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Hotwire Tutorial: How Do I Drag and Drop Items in a List?

If you’ve been following the changes in Turbo 8, it looks incredibly promising for improving the perception of speed and interactivity on our web apps.

A lot of the Stimulus Tutorials could use an update since they were first written, so I thought it would be good to over existing tutorials and rethink them with the newest tools available. Join me as we rebuild the Stimulus Tutorial “How do I Drag and Drop Items in a list

Quick demo of Drag and Drop functionality

Setting Priority

We’ll build off the previous example and add a priority order. This will be used sort the Todos.

$ rails g migration AddPriorityToTodo priority:integer
$ rails db:migrate

If there are existing Todos in the database, go ahead and set the priority to the id of the existing Todo:

$ rails c
* Todo.all.each do |todo|
*   todo.priority =
> end

In the todos_controller.rb, make the index method sort the Todos by this new priority field:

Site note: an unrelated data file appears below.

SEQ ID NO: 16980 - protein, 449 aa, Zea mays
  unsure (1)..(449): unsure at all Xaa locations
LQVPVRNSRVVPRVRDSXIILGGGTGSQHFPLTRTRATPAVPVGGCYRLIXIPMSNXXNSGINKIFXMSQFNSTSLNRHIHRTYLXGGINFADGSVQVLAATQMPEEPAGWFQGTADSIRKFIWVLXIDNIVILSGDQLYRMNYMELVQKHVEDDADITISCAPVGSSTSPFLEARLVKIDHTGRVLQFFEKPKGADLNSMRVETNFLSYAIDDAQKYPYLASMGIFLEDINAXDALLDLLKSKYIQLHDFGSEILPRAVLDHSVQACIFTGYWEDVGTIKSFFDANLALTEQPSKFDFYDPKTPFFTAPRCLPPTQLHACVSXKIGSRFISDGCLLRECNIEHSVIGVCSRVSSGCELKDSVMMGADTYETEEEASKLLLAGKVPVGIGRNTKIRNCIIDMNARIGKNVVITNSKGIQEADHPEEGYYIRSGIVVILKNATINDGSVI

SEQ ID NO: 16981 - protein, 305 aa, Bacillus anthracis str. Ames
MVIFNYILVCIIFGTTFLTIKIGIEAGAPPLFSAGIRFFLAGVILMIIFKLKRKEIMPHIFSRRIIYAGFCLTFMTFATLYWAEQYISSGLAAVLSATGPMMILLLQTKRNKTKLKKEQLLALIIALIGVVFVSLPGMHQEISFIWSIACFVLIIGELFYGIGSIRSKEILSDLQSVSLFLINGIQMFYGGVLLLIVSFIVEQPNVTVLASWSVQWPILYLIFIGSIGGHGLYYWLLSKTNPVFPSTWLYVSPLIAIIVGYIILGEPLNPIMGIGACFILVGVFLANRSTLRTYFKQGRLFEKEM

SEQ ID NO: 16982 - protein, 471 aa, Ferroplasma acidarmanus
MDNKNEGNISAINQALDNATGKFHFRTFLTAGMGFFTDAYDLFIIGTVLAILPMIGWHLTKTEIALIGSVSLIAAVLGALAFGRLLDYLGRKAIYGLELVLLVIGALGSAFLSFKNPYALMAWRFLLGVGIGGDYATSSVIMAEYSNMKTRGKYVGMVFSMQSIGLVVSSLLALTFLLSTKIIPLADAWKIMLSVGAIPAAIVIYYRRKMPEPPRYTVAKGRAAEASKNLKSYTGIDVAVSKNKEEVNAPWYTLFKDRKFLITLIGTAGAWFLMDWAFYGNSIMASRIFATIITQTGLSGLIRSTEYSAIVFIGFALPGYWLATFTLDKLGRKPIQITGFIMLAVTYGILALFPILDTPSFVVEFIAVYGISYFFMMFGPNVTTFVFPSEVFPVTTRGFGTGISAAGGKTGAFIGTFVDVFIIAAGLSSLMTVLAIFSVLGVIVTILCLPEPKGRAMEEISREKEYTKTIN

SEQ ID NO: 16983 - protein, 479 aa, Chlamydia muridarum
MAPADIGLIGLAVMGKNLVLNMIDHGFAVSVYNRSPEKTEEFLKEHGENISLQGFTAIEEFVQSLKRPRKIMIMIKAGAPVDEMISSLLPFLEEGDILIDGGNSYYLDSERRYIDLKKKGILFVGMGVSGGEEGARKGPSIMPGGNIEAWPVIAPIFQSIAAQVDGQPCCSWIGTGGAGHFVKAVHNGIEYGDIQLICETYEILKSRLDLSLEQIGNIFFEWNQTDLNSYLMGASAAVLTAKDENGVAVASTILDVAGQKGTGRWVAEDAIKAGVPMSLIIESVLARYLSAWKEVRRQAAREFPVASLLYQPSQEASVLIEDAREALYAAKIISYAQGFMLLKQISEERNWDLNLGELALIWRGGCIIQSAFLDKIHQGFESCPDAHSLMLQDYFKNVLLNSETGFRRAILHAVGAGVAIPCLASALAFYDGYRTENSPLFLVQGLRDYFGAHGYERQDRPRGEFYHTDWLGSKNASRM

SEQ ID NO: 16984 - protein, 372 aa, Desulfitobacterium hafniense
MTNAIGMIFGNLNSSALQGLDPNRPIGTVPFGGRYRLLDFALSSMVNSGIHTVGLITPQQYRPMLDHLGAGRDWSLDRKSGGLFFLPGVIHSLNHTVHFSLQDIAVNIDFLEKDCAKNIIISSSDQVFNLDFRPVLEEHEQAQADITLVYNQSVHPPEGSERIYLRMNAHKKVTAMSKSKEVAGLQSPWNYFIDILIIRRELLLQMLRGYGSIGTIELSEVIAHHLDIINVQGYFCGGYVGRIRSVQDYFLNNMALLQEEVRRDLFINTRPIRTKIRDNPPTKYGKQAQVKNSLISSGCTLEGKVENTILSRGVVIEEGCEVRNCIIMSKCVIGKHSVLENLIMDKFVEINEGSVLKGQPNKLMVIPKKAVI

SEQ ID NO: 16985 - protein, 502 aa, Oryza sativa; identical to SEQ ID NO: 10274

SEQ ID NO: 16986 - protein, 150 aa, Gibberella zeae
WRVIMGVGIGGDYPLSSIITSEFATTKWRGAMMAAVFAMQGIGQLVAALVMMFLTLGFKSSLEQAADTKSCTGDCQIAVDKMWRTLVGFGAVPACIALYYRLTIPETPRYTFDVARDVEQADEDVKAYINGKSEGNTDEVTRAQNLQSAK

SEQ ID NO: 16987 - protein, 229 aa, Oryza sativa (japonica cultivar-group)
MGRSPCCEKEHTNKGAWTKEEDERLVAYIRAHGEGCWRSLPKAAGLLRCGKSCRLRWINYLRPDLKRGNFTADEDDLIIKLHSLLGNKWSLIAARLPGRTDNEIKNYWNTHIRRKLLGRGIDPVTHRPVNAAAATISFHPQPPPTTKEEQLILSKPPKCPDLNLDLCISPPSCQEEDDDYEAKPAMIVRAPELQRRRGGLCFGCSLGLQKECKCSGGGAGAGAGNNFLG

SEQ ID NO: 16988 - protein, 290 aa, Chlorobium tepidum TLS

def index
  @todos = Todo.all.order("priority")

And when creating a new Todo, we should set the priority to its ID after creating it by using a callback. This is a simplification since we only have a single Todo model in our application, and you may want to set priority based on other models that you design, like a Project or a List.

class Todo < ApplicationRecord
  after_create :set_priority


  def set_priority
    self.priority = id

There are two parts we need to build next. A stimulus controller for the front end, and new rails controller to shuffle around the Todos and put them in the correct order by priority.

Reorder Stimulus Controller

Like in the previous drag and drop tutorial, the controller needs to listen to a number of events to handle the dragging of an item. You can generate it with this command:

$ rails g stimulus reorder

The controller will use the css classes feature to apply styling as the list of Todos becomes active, as the dragged item moves around, and as a potential drop target is hovered over. This creates a very interactive effect, and helps show what the drag is doing. These go at the top of the controller:

  static classes = ["activeDropzone", "activeItem", "dropTarget"];